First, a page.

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I am writing a curl bash script to test webservices. I will have file_1 which would contain the URL paths

/path/to/url/1/{dynamic_path}.xml
/path/to/url/2/list.xml?{query_param}

Since the values in between {} is dynamic, I am creating a separate file, which will have values for these params. the input would be in key-value pair i.e.,

dynamic_path=123
query_param=shipment

By combining two files, the input should become

/path/to/url/1/123.xml
/path/to/url/2/list.xml?shipment

This is the background of my problem. Now my questions

I am doing it in bash script, and the approach I am using is first reading the file with parameters and parse it based on '=' and store it in key/value pair. so it will be easy to replace i.e., for each url I will find the substring between {} and whatever the text it comes with, I will use it as the key to fetch the value from the array

My approach sounds okay (at least to me) BUT, I just realized that

declare -A input_map is only supported in bashscript higher than 4.0. Now, I am not 100% sure what would be the target environment for my script, since it could run in multiple department.

Is there anything better you could suggest ? Any other approach ? Any other design ?

P.S: This is the first time i am working on bash script.

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2 Answers 2

up vote 3 down vote accepted

Here's a risky way to do it: Assuming the values are in a file named "values"

. values
eval "$( sed 's/^/echo "/; s/{/${/; s/$/"/' file_1 )"

Basically, stick a dollar sign in front of the braces and transform each line into an echo statement.

More effort, with awk:

awk '
    NR==FNR {split($0, a, /=/); v[a[1]]=a[2]; next} 
    (i=index($0, "{")) && (j=index($0,"}")) {
        key=substr($0,i+1, j-i-1)
        print substr($0, 1, i-1) v[key] substr($0, j+1)
    }
' values file_1 
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+1 for awk command. I was also going to post that risky approach but then stopped thinking it was too risky. –  anubhava Dec 19 '13 at 20:15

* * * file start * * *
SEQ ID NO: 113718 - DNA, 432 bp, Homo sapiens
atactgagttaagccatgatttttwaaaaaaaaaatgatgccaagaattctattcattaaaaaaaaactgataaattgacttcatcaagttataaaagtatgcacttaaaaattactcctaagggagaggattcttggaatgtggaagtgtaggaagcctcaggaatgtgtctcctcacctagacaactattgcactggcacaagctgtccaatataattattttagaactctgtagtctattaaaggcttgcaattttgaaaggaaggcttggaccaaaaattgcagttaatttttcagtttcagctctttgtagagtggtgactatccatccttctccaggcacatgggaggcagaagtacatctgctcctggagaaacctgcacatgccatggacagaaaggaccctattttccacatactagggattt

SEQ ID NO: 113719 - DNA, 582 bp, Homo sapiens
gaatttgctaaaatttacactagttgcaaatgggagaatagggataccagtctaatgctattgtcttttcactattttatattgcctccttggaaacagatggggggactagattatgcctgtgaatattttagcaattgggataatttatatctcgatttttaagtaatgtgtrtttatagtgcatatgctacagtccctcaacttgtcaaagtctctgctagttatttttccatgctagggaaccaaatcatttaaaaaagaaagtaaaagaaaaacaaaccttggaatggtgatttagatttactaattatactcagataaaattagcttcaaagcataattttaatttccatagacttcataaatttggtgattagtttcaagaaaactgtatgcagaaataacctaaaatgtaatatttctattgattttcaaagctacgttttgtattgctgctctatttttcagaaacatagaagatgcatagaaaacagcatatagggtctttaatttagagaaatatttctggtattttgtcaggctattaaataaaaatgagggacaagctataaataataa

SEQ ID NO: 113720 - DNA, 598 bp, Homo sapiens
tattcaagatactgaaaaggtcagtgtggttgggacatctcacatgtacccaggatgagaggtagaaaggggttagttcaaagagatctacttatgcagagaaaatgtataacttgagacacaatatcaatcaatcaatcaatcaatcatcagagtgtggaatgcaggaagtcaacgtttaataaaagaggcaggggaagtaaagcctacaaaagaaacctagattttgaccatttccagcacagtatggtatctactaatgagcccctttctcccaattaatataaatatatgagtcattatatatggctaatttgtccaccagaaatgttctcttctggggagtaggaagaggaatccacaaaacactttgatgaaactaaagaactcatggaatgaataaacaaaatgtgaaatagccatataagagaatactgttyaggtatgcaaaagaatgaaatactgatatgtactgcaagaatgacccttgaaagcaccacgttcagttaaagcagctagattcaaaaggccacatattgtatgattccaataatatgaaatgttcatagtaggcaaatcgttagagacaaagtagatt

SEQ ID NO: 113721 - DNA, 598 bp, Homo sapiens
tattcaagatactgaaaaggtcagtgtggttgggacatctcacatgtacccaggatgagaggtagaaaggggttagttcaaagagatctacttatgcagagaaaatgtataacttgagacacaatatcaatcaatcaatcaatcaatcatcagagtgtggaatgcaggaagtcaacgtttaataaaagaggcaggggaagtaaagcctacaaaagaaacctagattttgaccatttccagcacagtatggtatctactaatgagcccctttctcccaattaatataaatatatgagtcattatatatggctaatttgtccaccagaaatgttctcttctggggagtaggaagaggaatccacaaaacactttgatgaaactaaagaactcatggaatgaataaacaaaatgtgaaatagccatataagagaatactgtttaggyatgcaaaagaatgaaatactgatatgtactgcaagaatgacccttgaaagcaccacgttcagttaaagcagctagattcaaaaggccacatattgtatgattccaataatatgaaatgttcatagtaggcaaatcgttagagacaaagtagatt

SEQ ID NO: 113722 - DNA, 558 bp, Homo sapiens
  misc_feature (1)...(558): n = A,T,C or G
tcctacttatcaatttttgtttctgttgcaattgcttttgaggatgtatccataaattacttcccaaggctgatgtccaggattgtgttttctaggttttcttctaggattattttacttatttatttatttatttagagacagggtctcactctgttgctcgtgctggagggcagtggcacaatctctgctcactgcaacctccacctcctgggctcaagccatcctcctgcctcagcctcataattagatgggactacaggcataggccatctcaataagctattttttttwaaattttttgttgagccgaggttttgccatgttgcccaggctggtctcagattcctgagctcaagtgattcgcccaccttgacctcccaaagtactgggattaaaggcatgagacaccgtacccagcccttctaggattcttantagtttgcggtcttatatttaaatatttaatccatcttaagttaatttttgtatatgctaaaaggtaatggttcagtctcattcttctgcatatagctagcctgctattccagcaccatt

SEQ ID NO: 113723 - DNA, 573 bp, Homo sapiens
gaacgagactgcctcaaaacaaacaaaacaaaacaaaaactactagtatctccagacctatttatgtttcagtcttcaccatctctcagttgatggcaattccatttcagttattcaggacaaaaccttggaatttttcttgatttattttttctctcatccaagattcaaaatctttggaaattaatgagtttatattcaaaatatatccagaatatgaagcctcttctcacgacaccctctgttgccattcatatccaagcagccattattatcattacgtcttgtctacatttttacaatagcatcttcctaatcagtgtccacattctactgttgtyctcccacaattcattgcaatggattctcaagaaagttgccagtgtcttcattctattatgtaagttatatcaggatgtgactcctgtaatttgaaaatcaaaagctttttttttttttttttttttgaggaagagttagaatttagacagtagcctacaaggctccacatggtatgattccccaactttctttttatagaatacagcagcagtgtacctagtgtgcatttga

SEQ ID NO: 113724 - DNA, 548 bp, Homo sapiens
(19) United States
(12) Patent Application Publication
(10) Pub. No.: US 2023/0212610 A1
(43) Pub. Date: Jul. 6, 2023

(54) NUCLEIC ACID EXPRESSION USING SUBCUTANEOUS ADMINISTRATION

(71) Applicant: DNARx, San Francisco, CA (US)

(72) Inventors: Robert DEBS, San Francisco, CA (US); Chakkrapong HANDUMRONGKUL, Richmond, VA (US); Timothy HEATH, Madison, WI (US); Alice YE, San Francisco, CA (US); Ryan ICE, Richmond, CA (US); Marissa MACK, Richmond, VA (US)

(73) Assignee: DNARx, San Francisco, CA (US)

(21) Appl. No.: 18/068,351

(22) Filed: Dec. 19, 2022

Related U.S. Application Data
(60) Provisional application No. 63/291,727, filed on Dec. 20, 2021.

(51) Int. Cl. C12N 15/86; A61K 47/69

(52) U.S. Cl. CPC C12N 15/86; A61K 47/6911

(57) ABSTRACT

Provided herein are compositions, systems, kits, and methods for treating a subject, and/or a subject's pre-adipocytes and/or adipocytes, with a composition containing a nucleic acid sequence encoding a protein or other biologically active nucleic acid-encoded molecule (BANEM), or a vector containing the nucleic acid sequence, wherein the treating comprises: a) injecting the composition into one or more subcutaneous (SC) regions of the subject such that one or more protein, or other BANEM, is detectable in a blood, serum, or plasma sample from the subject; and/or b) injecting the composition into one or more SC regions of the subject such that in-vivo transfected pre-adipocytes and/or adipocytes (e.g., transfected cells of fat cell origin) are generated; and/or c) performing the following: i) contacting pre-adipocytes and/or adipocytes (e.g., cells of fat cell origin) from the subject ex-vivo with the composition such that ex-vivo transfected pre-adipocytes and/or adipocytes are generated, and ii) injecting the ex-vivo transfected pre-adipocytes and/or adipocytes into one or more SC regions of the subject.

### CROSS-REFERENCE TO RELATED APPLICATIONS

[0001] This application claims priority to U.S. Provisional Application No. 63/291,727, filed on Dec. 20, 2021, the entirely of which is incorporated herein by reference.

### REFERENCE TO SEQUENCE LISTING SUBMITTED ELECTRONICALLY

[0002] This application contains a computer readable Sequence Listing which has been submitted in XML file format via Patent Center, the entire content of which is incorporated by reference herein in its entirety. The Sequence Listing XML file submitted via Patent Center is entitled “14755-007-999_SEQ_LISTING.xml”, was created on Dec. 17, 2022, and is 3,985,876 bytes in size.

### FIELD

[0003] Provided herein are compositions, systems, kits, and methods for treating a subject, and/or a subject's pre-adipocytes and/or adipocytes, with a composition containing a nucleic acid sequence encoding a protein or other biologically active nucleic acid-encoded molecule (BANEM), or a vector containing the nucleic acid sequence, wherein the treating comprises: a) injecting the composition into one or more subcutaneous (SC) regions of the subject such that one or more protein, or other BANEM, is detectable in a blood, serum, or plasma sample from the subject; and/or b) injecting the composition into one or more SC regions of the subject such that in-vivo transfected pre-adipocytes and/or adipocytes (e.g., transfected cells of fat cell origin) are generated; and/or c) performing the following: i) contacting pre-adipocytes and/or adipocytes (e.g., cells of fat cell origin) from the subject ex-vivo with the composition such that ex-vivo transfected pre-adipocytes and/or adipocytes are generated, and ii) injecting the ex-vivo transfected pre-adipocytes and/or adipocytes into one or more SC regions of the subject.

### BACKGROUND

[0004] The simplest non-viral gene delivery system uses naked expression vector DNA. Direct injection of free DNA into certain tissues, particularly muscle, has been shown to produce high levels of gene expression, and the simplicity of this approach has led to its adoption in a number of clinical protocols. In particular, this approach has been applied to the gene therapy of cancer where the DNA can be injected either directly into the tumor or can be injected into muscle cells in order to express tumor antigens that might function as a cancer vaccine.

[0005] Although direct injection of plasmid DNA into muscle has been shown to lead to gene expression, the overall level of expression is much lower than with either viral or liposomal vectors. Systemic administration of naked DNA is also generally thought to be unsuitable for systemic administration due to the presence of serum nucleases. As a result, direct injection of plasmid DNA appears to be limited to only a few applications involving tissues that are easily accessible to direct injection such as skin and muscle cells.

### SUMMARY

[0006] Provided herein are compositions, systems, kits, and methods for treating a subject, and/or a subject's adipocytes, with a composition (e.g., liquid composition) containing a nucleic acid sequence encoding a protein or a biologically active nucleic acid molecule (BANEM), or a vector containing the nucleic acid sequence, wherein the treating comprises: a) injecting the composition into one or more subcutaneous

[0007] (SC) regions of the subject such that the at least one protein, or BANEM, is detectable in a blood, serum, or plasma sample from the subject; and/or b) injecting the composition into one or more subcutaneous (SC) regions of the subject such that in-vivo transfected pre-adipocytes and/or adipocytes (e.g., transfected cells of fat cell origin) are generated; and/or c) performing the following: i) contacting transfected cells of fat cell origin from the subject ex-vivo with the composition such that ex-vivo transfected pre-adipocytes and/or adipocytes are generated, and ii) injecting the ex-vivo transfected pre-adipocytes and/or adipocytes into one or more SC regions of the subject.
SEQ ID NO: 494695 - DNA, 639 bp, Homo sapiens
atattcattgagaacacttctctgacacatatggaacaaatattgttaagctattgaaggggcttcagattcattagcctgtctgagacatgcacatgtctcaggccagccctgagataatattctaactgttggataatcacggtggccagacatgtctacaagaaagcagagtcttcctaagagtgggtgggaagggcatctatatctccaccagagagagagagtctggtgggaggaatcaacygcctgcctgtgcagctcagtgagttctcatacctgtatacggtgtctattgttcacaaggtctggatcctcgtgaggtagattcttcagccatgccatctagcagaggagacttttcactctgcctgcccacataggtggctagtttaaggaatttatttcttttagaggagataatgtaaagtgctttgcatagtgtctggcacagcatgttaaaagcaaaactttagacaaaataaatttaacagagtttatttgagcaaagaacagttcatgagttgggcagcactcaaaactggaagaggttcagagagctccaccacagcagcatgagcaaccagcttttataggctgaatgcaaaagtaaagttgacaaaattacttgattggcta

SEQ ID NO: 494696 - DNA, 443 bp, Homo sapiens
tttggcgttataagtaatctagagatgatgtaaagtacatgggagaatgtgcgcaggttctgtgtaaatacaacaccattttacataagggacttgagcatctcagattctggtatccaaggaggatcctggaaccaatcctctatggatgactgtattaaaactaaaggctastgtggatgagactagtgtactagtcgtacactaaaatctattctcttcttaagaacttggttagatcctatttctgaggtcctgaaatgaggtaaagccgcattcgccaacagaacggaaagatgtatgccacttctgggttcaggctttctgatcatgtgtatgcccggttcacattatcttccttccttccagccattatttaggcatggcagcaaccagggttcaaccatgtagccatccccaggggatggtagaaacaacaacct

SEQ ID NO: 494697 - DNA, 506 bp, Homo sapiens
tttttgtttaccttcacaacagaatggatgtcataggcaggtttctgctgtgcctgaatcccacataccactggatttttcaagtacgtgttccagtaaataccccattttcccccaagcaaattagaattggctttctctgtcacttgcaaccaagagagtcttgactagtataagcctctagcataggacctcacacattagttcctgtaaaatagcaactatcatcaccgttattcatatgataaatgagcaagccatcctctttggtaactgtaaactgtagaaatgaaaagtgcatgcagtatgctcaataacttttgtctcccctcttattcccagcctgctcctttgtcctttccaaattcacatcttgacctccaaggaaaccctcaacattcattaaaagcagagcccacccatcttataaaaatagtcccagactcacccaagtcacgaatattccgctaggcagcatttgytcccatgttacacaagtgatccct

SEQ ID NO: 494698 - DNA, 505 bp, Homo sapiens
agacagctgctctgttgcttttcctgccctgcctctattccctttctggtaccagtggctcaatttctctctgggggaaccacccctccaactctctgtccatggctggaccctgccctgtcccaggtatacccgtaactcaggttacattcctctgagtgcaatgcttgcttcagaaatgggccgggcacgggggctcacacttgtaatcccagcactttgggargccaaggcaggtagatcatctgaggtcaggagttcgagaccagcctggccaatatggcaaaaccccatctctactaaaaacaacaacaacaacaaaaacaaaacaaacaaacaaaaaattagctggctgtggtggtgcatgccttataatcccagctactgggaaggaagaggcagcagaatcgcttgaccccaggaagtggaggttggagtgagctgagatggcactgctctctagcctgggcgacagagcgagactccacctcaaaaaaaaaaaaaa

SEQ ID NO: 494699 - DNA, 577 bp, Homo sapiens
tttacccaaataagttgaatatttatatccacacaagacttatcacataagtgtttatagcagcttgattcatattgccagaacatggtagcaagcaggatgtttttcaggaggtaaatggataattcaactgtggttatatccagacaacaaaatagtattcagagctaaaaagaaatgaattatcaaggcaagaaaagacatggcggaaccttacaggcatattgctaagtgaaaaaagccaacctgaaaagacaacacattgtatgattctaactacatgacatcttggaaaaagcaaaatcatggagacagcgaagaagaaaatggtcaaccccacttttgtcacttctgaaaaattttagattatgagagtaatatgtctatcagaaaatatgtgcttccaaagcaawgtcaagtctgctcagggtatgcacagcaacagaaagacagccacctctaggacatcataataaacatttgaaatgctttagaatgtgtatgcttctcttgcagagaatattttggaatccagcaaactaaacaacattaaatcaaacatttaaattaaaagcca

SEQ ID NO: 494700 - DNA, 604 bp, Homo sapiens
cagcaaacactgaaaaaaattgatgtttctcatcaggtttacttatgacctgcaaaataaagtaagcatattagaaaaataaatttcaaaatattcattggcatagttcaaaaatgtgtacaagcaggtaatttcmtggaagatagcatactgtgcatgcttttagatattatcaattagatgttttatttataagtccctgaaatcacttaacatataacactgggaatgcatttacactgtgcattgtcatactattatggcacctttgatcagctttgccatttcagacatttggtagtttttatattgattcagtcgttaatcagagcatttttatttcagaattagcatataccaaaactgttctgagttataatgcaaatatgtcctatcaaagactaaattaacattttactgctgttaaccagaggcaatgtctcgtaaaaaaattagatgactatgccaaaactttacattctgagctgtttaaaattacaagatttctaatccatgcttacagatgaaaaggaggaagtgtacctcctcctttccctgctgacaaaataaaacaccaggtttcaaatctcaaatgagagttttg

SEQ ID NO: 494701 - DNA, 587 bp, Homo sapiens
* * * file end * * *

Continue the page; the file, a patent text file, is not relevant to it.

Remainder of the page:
whats the risk in it ? and can someone break it down ? –  Em Ae Dec 19 '13 at 20:16
1  
Imagine some adds a line to the file_1: /path/to/$(echo this is a malicious command) –  glenn jackman Dec 19 '13 at 20:32

There are many ways to do this. You seem to think of putting all inputs in a hashmap, and then iterate over that hashmap. In shell scripting it's more common and practical to process things as a stream using pipelines.

For example, your inputs could be in a csv file:

123,shipment
345,order

Then you could process this file like this:

while IFS=, read path param; do
    sed -e "s/{dynamic_path}/$path/" -e "s/{query_param}/$param/" file_1
done < input.csv 

The output will be:

/path/to/url/1/123.xml
/path/to/url/2/list.xml?shipment
/path/to/url/1/345.xml
/path/to/url/2/list.xml?order

But this is just an example, there can be so many other ways.

You should definitely start by writing a proof of concept and test it on your deployment server. This example should work in old versions of bash too.

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the problem is that assume the first line of csv is 123,shipment however, the first line of file_1 is /path/to/url/2/list.xml?{query_param}. If i try to find path in the URL I would never find it. I would have to make sure that everything is in order. –  Em Ae Dec 19 '13 at 20:15
    
@EmAe I'm not sure if I understood your problem well. I changed the echo in the loop to a sed and added a sample output. –  janos Dec 19 '13 at 20:50

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